Statement of the Yemen Humanitarian Coordinator on his visit to Amran [EN/AR]
Sana’a/New York, 25 July 2014
I travelled to Amran Governorate yesterday to observe conditions following the recent conflict, to advocate for unrestricted access of humanitarian partners to all people in need, and to seek commitments from all parties to abide by the ground rules for humanitarian action in Yemen. I was encouraged to hear all parties – including Government authorities and senior Al Houthi representatives – reiterate their support for the neutral, impartial and independent nature of humanitarian action. I now call on all parties to demonstrate their commitment by facilitating the immediate return to Amran of all humanitarian organizations able to deliver principled assistance to people in need, regardless of religious, political or ethnic affiliation, or any other criteria. I likewise encourage humanitarian partners operating in Amran before the conflict to resume their activities as soon as possible and to continue to uphold humanitarian principles in all aspects of their work. During my meetings, I impressed on all counterparts that humanitarian work in Amran – as everywhere in Yemen – has absolutely no agenda beyond the alleviation of human suffering and is based on the needs of affected people alone. I reiterate that humanitarian partners act transparently with all parties, are accountable to affected people, and are selected based solely on their technical expertise and ability to uphold humanitarian principles.
Conditions in Amran appeared calm yesterday, and local people whom I met estimated that more than half of those displaced by recent fighting have returned home, with more arriving every day. Despite these improvements, I saw signs of damage to buildings in Amran City and Bait Badi as a result of shelling and rocket and mortar attacks. Beyond the physical damage, I sensed the deep trauma inflicted on civilians as a result of targeted killings, including of women and children, and other atrocities. Although the people we met were visibly relieved that stability and security have returned to the area, recent violence has nonetheless severely impacted families and communities.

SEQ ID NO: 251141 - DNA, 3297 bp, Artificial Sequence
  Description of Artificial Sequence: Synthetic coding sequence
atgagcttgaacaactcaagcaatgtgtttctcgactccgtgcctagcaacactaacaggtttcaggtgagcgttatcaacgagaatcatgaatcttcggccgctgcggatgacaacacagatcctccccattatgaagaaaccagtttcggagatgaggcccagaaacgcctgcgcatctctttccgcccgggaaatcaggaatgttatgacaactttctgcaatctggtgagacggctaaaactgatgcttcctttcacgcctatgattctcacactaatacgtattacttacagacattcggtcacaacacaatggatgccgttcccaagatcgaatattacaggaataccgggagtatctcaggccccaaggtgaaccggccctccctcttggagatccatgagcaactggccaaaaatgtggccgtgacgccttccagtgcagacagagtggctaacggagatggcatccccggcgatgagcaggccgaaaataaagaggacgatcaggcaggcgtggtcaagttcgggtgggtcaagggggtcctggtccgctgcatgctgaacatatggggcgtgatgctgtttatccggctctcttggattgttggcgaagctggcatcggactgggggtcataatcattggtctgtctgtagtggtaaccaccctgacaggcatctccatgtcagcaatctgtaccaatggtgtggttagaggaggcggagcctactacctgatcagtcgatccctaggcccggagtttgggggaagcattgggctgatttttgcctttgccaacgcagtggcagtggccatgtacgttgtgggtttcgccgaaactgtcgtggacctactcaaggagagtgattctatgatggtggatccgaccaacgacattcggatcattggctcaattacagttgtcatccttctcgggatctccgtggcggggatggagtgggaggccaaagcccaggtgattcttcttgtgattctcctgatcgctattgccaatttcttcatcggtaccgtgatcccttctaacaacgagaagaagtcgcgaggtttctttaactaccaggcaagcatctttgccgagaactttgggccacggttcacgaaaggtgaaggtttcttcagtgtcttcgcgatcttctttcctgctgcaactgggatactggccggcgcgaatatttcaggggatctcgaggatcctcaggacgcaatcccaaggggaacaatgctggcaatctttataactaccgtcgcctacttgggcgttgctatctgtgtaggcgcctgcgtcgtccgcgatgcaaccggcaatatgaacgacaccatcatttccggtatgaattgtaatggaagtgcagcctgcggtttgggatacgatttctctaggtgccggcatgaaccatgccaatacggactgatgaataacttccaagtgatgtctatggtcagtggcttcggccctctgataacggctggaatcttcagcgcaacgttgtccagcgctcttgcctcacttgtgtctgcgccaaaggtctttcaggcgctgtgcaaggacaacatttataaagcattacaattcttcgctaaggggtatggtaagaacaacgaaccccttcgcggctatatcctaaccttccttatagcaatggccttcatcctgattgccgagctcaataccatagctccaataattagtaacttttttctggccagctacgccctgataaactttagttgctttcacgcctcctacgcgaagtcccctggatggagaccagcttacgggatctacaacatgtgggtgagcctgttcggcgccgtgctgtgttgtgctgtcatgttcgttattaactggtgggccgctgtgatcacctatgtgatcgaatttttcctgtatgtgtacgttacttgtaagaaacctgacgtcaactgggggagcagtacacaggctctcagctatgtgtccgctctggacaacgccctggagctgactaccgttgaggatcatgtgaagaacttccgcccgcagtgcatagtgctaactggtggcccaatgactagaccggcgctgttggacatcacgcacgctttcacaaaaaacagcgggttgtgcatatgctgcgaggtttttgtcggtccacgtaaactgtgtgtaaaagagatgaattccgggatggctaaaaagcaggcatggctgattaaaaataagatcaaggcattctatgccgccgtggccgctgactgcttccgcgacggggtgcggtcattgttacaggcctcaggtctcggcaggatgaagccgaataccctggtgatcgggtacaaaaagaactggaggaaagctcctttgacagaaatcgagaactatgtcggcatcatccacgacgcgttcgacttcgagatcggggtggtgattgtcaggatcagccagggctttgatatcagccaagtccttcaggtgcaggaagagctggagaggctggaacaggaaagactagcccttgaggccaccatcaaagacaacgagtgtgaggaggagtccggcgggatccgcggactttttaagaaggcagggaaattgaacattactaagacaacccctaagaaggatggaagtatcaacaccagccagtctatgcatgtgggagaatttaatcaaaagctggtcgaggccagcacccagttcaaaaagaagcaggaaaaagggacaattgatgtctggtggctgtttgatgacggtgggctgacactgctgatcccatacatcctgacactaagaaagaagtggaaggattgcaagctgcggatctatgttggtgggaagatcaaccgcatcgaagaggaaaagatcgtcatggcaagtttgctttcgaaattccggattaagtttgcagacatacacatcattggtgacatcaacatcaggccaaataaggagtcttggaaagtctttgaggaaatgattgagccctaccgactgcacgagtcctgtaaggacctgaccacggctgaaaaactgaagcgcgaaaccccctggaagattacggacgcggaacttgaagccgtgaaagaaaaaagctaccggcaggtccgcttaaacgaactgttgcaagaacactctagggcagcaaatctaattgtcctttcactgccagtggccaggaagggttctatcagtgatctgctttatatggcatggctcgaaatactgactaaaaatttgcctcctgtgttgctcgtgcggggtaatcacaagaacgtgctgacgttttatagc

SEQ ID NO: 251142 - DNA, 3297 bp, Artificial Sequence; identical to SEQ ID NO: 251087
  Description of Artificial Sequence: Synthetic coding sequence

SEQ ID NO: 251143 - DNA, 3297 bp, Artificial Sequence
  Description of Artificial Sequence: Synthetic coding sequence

I was particularly alarmed to find that the offices of several humanitarian organizations – including the common UN premises and those of at least one NGO – had been looted during the conflict. I have urged those responsible to return the looted assets immediately to enable humanitarian actors to resume their assistance activities.
I likewise call on all parties to ensure the security of humanitarian facilities in a manner that does not endanger the independence and neutrality of humanitarian action
During my visit, I also encountered disturbing evidence of the misuse of civilian infrastructure. One school that I entered remains occupied by militants and has been converted into a detention centre, where I saw children bearing arms. In addition, Amran Hospital is still suffering from the theft of one of their ambulances and other crucial supplies. All civilian infrastructure – including schools and hospitals – must be restored to their intended purposes at once. I also called on Al Houthi representatives to immediately halt recruitment of children for military and law enforcement purposes.
In view of reports of targeted killings and other atrocities, I remind all parties that they are required to abide by international humanitarian and human rights law at all times. I further urge a speedy, thorough investigation of reports of grave rights violations in collaboration with impartial human rights organizations. In the meantime, I expect all concerned local and national authorities to create and maintain an enabling environment for humanitarian actors to carry out their activities, to support those who are most in need, particularly in those locations most affected by the conflict.
For more information, contact Mr. John Ratcliffe (Humanitarian Affairs Officer, OCHA Yemen) on +967712222853 or email@example.com.